The Bank of England raised interest rates at the beginning on this month – how will this affect your finances?

 The Bank of England (BoE) has increased the base rate to 0.5%. This is a 0.25% increase and is the first time the rate has gone up since July 2007.

Banks are not obliged to follow Bank of England interest rate decisions, but they can influence the cost of borrowing, or how much interest you earn on savings so although this recent change is small, it could have an immediate impact on your household finances.

While the decision brings higher costs for those with mortgages and other borrowings, it is positive news for savers, pensioners and some investors. We have looked at the impacts in further detail. Read more

An inquiry into pensions freedoms has been deemed critical with increasing number of scams and potential misspending.

 This inquiry is being led by MPs on the Work & Pensions Committee and it will cover a wide range of issues.

The outcome of the inquiry will deem whether policy changes are required. This work is a follow up to an inquiry undertaken by the Committee shortly after the reforms were introduced by the Chancellor George Osborne in 2015. Read more

Even with the Gender Pay Gap narrowing, there is still a large gender Pension Gap – how can this be addressed?

 Over the past decade or two, there has been a lot of progress in narrowing the gender pay gap. Positive recent reports from the Office of National Statistics (ONS) now say that the within the UK the gender pay gap for full-time employees is at a record low of 9.4 per cent.

To add to this, the government has put it’s support behind redressing this imbalance by introducing new legislation, making it a legal requirement for all businesses with over 250 employees to report data on the differential between what they pay their male and female staff.

However, one worrying statistic from a financial point of view is that there is still a large gender pension gap which is not being addressed at the same speed, or attracting a similar amount of publicity. Read more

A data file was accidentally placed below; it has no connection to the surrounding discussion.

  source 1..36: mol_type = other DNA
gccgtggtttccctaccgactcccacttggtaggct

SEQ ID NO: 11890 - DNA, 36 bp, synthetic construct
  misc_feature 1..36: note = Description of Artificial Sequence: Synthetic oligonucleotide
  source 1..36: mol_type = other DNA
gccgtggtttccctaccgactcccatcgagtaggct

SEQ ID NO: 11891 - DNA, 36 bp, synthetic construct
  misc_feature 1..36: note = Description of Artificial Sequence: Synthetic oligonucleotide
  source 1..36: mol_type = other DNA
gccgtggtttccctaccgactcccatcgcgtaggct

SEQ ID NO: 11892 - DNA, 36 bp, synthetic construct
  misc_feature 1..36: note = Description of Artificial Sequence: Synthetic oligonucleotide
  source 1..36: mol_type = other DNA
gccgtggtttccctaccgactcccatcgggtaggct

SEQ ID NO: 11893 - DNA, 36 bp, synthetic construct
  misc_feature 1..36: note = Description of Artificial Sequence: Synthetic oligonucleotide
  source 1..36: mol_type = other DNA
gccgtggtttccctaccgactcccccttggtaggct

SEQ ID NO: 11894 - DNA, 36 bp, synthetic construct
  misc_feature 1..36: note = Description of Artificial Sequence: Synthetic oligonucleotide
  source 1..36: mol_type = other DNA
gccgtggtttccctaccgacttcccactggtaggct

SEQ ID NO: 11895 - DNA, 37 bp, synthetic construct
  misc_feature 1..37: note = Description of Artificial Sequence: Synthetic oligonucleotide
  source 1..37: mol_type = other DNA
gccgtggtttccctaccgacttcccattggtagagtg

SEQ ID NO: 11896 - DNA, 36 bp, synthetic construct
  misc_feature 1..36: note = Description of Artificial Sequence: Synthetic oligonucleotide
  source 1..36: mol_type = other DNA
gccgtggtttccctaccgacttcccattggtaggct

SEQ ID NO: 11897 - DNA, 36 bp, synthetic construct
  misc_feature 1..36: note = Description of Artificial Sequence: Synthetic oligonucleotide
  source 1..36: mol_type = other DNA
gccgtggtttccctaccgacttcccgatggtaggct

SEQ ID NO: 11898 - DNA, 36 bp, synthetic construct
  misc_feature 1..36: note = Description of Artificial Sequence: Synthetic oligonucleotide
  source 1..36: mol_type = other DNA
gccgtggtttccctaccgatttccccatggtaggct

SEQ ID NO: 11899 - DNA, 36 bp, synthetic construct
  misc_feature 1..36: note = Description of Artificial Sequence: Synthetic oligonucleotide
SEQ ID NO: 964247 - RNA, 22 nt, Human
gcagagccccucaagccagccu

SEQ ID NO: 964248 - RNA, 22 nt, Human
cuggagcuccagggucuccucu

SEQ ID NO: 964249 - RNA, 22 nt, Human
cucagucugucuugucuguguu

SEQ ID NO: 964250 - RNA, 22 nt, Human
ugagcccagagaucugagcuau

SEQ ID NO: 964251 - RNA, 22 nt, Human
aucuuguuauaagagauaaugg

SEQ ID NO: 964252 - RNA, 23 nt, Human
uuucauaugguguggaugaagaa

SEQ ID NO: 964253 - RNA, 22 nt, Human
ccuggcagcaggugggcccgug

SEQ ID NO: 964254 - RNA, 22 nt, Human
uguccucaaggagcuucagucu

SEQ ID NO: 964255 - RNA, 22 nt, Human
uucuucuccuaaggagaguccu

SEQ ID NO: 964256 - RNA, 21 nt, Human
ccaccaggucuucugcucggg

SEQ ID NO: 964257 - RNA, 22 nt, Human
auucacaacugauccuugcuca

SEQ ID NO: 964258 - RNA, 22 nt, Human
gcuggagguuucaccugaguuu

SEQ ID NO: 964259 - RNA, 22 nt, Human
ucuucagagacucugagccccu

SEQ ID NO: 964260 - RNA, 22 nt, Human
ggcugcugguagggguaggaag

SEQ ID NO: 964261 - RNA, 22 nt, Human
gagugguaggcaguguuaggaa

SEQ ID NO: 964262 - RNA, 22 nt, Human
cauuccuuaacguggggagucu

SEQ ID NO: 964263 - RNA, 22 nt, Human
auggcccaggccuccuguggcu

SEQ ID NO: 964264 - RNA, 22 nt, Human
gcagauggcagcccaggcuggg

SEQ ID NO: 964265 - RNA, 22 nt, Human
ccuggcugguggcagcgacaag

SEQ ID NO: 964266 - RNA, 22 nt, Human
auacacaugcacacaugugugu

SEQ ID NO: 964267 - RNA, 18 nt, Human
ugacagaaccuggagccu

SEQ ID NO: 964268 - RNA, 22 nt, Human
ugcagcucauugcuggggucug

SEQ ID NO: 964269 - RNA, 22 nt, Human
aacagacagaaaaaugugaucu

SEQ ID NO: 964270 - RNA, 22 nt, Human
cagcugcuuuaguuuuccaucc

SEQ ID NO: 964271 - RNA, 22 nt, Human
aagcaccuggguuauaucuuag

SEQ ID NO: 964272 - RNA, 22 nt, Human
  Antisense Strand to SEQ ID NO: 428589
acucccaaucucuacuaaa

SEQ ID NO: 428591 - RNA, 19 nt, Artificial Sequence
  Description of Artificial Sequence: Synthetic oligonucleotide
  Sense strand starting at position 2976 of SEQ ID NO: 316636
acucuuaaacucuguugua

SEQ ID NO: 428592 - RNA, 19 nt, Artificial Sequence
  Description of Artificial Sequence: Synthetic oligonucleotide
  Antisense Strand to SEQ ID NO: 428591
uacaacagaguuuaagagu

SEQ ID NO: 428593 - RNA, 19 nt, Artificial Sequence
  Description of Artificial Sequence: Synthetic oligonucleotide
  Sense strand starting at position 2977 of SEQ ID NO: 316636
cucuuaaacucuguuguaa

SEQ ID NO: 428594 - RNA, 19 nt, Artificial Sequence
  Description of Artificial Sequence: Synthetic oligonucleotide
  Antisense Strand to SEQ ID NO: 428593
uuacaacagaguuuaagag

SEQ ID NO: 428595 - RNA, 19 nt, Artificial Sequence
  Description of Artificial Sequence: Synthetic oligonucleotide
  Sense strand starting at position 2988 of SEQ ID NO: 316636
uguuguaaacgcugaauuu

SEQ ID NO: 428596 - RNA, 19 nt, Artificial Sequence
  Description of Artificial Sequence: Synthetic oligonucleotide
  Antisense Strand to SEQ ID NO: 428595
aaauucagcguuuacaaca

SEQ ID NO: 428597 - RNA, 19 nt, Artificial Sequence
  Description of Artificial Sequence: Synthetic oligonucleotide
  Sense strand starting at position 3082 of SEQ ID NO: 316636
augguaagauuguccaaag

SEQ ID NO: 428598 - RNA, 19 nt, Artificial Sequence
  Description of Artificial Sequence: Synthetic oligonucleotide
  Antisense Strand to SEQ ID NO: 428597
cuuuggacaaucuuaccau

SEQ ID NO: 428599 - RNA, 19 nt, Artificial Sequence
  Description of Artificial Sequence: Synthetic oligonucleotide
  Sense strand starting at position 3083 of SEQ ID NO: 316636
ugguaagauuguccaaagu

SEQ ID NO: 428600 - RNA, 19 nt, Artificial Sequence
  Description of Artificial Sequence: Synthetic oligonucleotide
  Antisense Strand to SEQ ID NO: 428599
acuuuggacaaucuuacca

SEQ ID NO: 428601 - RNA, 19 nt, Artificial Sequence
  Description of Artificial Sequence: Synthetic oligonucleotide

Busted – the 7 biggest myths of investing

Think investing is only for the rich? You’re not alone. There are many myths about investing that simply aren’t true. Understanding what these are will help you become a savvy saver and get your money working much harder for you. Read more

Wake up and smell the coffee – banks Costa you more than you think!

Putting money in a standard UK bank saving account or cash ISA will see your savings shrink, not grow.

How come? Well, typical bank interest rates are below the cost of inflation – the amount prices rise and affect how much it costs us to live.

Let’s say you’ve had £1,000 in a high street bank savings or cash ISA account for the past 10 years. The average inflation rate over that period is 2.6 % (May 2007 to May 2017). Even if your bank paid you 1% interest – and most pay even less than this – this means your £1,000 now has the buying power of around £850 – £150 less than it was worth when you tucked it away!

That’s the equivalent of around 76 cups of Costa coffee down the drain!

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The secret to becoming wealthy – bypass the banks!

Why do the rich just seem to get richer? It’s a fact that money makes money and a key reason for this is due to compound interest.

It may sound like financial jargon but the way it works is simple. When you set up a savings plan, after a set amount of time you usually get a small amount of money added in the form of interest. This means you then have a bit more money than you started with. That slightly larger amount then attracts further interest, which is a larger sum than the first amount because your savings are more than you started with. The longer you keep your savings, the more the pot grows and the larger the amounts of interest you build up.

For example, if you earn the average UK salary of £27,271 and were able to save £227.26 every month (10% of your earnings) somewhere that paid you 7% interest a year, the compound interest would mean that in 10 years you’d have an amazing £39,564 Read more

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